Some of Obama’s email correspondence were taken by Russian hackers last year in an unprecedented breach of the White House’s unclassified computer system. The breach was far more intrusive then was publicly acknowledged, according to senior American officials briefed on the investigation.
The hackers also gained access deep into the State Department’s unclassified system, but do not appear to have penetrated closely guarded servers that control the message traffic from Obama’s personal BlackBerry.
Earlier this month, officials at the White House said that the hacking had not damaged its systems and that, while elements had been shut down to mitigate the effects of the attack, everything had been restored.
The hackers obtained access to the email archives of people inside the White House who Obama regularly communicated with. According to officials briefed on the investigation, from those accounts, they reached emails that the president had sent and received, according to officials briefed on the investigation.
Officials conceded that the unclassified system regularly contains a lot of information that is considered highly sensitive such as schedules, email exchanges with ambassadors and diplomats, discussions of pending personnel moves and legislation, and, without a doubt, some debate about policies and state issues.
The New York Times reported that Senior White House officials have known for months about the depth of the intrusion.
“This has been one of the most sophisticated actors we’ve seen,” said one senior American official briefed on the investigation.
Others confirmed that the White House intrusion was viewed as so serious that officials met on a nearly daily basis for several weeks after it was discovered. “It’s the Russian angle to this that’s particularly worrisome,” another senior official said.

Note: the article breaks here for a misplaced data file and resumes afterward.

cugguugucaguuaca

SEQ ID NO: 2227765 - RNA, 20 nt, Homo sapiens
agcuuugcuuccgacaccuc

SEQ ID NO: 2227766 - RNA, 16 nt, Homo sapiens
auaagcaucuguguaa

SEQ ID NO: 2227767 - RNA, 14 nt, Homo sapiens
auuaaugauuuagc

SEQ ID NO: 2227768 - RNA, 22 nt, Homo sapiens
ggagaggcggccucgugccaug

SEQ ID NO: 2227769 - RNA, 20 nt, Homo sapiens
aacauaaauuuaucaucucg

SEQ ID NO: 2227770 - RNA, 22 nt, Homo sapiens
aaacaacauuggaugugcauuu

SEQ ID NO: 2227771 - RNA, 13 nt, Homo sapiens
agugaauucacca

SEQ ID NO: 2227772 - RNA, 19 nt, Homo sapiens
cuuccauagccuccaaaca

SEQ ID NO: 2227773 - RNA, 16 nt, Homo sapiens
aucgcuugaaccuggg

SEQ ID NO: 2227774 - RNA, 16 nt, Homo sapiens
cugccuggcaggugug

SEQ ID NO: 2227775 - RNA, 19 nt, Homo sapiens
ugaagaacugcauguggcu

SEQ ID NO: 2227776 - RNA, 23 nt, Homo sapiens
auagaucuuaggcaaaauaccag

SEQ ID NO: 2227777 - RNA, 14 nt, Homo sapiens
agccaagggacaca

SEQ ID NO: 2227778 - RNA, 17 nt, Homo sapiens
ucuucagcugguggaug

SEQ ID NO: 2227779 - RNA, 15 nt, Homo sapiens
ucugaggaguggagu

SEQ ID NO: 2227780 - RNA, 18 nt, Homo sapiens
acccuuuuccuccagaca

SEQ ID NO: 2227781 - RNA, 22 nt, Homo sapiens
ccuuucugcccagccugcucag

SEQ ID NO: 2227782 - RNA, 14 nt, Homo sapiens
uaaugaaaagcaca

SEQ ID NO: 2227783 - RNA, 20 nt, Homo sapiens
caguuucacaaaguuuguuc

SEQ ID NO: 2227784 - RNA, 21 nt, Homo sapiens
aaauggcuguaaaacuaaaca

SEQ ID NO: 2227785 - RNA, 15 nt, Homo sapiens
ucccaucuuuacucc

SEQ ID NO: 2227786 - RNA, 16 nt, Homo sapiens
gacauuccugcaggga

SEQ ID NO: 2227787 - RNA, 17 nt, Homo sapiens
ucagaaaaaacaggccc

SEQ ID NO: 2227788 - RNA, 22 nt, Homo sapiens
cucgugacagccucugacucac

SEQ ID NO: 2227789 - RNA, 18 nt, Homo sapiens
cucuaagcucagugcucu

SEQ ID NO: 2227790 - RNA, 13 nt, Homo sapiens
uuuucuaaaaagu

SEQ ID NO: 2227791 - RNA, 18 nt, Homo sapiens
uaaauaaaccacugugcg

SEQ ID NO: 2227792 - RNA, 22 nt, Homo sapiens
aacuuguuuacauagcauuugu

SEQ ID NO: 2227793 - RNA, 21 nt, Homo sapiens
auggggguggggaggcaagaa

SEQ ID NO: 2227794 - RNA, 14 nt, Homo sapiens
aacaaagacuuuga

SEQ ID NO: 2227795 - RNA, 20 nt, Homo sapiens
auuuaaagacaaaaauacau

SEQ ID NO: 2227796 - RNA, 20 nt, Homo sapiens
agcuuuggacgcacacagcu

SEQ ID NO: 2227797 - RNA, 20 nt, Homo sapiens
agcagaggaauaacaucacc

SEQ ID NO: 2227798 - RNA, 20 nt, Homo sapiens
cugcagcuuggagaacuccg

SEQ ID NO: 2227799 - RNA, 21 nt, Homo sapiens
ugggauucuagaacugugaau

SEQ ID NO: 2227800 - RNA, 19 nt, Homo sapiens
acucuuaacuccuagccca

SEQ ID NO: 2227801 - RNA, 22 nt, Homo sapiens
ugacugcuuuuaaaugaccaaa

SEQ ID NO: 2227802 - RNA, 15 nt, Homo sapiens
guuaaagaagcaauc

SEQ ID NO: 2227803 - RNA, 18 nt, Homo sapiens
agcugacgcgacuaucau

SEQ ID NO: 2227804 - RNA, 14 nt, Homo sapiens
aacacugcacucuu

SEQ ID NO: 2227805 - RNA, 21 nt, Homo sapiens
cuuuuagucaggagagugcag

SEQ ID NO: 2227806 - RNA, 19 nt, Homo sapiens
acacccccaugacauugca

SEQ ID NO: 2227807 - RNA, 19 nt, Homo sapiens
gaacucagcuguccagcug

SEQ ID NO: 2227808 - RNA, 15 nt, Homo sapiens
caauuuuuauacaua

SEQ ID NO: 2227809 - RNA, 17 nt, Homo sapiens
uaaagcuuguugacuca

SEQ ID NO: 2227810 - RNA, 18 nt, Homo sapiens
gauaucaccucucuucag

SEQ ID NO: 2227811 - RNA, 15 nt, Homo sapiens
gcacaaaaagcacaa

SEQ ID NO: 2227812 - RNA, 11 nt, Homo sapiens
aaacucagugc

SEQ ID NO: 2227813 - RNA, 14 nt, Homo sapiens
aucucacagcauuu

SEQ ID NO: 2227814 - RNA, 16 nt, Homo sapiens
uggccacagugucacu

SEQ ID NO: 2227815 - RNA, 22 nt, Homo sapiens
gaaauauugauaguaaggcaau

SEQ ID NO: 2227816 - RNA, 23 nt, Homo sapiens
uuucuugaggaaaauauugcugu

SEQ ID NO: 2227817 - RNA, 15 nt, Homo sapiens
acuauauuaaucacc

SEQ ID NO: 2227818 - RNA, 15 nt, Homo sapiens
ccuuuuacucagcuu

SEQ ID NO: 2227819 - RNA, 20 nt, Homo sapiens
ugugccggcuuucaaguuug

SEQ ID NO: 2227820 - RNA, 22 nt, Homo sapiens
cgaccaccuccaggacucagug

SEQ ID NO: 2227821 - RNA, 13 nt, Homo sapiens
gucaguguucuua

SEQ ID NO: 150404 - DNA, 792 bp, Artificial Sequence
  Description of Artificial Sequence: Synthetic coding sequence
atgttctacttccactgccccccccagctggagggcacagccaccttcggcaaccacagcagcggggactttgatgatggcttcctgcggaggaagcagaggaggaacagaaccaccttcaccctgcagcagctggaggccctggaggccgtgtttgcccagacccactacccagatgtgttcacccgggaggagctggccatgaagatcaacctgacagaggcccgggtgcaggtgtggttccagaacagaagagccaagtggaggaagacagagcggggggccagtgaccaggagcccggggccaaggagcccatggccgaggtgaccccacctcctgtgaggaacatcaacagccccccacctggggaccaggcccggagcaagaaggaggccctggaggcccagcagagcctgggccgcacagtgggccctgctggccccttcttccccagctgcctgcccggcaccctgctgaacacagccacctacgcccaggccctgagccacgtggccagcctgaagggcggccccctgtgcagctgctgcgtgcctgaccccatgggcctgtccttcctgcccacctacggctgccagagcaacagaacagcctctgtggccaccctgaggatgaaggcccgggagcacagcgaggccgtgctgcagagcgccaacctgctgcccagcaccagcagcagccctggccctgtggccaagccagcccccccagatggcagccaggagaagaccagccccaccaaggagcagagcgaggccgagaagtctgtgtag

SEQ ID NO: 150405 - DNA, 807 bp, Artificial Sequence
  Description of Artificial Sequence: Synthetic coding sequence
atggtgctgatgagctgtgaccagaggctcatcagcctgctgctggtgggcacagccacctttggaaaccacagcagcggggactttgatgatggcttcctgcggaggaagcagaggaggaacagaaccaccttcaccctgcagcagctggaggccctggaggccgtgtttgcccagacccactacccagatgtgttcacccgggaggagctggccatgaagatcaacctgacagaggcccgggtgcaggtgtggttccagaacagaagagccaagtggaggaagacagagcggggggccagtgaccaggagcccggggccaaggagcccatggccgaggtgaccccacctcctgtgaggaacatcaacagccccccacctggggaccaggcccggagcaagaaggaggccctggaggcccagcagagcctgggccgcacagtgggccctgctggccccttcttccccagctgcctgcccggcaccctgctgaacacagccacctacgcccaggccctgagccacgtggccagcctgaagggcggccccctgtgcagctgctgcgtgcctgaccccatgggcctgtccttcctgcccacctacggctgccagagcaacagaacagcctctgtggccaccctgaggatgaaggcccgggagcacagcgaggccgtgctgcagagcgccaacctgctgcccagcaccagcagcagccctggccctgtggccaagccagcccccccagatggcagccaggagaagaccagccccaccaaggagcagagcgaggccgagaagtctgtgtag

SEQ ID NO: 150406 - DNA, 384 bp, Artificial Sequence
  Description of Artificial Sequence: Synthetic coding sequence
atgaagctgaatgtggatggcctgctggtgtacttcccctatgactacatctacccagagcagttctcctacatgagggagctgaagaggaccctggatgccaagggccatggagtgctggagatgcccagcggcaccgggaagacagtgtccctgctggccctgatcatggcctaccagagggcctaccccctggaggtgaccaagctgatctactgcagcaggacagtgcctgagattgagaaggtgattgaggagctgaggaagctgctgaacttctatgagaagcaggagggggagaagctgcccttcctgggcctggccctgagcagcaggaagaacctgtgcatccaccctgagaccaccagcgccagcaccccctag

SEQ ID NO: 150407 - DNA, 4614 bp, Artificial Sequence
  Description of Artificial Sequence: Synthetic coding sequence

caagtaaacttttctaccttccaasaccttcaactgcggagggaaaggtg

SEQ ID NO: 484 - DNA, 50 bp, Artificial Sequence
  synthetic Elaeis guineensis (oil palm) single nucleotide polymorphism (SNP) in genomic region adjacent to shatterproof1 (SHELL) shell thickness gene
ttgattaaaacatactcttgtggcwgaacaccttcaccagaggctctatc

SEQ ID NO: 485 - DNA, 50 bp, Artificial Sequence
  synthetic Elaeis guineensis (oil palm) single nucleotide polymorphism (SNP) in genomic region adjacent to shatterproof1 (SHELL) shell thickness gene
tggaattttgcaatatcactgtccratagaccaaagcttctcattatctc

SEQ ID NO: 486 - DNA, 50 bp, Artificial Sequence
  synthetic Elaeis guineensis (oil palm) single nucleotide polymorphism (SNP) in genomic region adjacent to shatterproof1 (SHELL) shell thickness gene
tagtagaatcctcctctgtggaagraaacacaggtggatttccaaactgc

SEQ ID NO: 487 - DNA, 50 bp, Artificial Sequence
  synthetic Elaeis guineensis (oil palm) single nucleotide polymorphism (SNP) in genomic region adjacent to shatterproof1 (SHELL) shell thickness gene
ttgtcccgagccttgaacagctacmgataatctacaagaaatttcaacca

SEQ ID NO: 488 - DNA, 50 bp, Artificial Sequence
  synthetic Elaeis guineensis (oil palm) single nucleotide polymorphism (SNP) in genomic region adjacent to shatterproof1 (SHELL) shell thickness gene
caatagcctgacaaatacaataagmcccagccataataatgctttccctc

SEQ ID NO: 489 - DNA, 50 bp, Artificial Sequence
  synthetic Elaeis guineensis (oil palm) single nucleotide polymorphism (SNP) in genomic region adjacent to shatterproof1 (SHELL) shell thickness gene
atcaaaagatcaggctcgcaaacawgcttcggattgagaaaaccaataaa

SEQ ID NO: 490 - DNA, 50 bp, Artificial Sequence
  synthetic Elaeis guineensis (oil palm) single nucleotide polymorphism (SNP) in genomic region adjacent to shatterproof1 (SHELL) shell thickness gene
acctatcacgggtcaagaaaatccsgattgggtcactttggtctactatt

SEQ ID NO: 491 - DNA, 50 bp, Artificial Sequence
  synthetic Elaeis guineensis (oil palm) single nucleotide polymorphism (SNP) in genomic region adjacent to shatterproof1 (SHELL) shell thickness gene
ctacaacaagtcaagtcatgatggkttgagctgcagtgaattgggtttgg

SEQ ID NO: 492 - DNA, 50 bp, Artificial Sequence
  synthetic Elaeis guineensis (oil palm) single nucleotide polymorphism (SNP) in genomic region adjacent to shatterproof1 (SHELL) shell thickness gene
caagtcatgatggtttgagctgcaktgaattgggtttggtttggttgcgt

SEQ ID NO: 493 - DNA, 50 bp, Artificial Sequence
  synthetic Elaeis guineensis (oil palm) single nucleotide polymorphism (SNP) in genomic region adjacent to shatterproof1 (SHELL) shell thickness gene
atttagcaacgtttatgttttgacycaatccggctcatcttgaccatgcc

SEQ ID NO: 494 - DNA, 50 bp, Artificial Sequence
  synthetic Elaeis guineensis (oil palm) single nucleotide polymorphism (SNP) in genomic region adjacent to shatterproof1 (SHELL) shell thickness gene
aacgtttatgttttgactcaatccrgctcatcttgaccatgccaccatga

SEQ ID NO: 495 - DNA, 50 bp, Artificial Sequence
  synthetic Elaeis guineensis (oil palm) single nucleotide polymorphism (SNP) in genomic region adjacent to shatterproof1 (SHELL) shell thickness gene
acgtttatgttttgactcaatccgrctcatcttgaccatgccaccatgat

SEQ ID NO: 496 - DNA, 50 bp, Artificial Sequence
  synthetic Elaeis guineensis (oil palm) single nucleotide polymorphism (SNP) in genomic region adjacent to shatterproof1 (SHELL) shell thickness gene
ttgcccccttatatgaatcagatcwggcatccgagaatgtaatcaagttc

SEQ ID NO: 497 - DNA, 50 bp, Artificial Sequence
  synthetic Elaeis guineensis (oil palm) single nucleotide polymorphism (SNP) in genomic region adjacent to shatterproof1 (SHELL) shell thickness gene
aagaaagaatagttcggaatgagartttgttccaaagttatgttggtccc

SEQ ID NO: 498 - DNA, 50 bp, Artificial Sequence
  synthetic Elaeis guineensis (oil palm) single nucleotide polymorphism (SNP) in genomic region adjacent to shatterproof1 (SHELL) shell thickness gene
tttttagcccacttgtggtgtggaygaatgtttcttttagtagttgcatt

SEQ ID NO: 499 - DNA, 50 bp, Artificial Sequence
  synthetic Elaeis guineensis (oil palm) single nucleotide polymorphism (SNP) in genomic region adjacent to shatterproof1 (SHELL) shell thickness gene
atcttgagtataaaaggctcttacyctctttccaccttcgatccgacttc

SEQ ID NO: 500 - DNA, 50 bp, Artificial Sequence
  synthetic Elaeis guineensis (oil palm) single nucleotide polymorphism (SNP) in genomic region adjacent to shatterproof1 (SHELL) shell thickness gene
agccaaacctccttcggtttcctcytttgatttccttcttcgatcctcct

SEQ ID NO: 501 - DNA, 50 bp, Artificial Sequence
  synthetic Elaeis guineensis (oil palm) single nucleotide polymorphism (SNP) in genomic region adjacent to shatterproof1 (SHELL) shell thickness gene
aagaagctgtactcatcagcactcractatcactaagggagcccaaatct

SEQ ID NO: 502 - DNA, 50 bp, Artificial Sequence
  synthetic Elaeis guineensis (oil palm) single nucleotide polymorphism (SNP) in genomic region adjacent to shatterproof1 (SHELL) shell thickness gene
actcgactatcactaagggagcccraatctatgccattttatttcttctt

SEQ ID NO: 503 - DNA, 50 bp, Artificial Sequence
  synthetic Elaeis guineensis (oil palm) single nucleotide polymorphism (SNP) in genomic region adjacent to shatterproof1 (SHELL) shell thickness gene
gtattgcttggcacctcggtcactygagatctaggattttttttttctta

When asked about the investigation’s findings, the spokeswoman for the National Security Council, Bernadette Meehan, said, “We’ll decline to comment.” The White House has also declined to provide any explanations about how the breach was handled, though the State Department has been more candid about what kind of systems were hit and what it has done since to improve security. A spokesman for the F.B.I. declined to comment.
The discovery of the hacking in October led to a partial shutdown of the White House email system. The hackers appear to have been evicted from the White House systems by the end of October. But they continued to plague the State Department, whose system is much more far-flung. The disruptions were so severe that during the Iranian nuclear negotiations in Vienna in November, officials needed to distribute personal email accounts, to one another and to some reporters, to maintain contact.
The Russian hackers were reportedly able to access the email archives of people that Obama regularly emailed. They are thought to have ties to Kremlin government of President Vladimir Putin.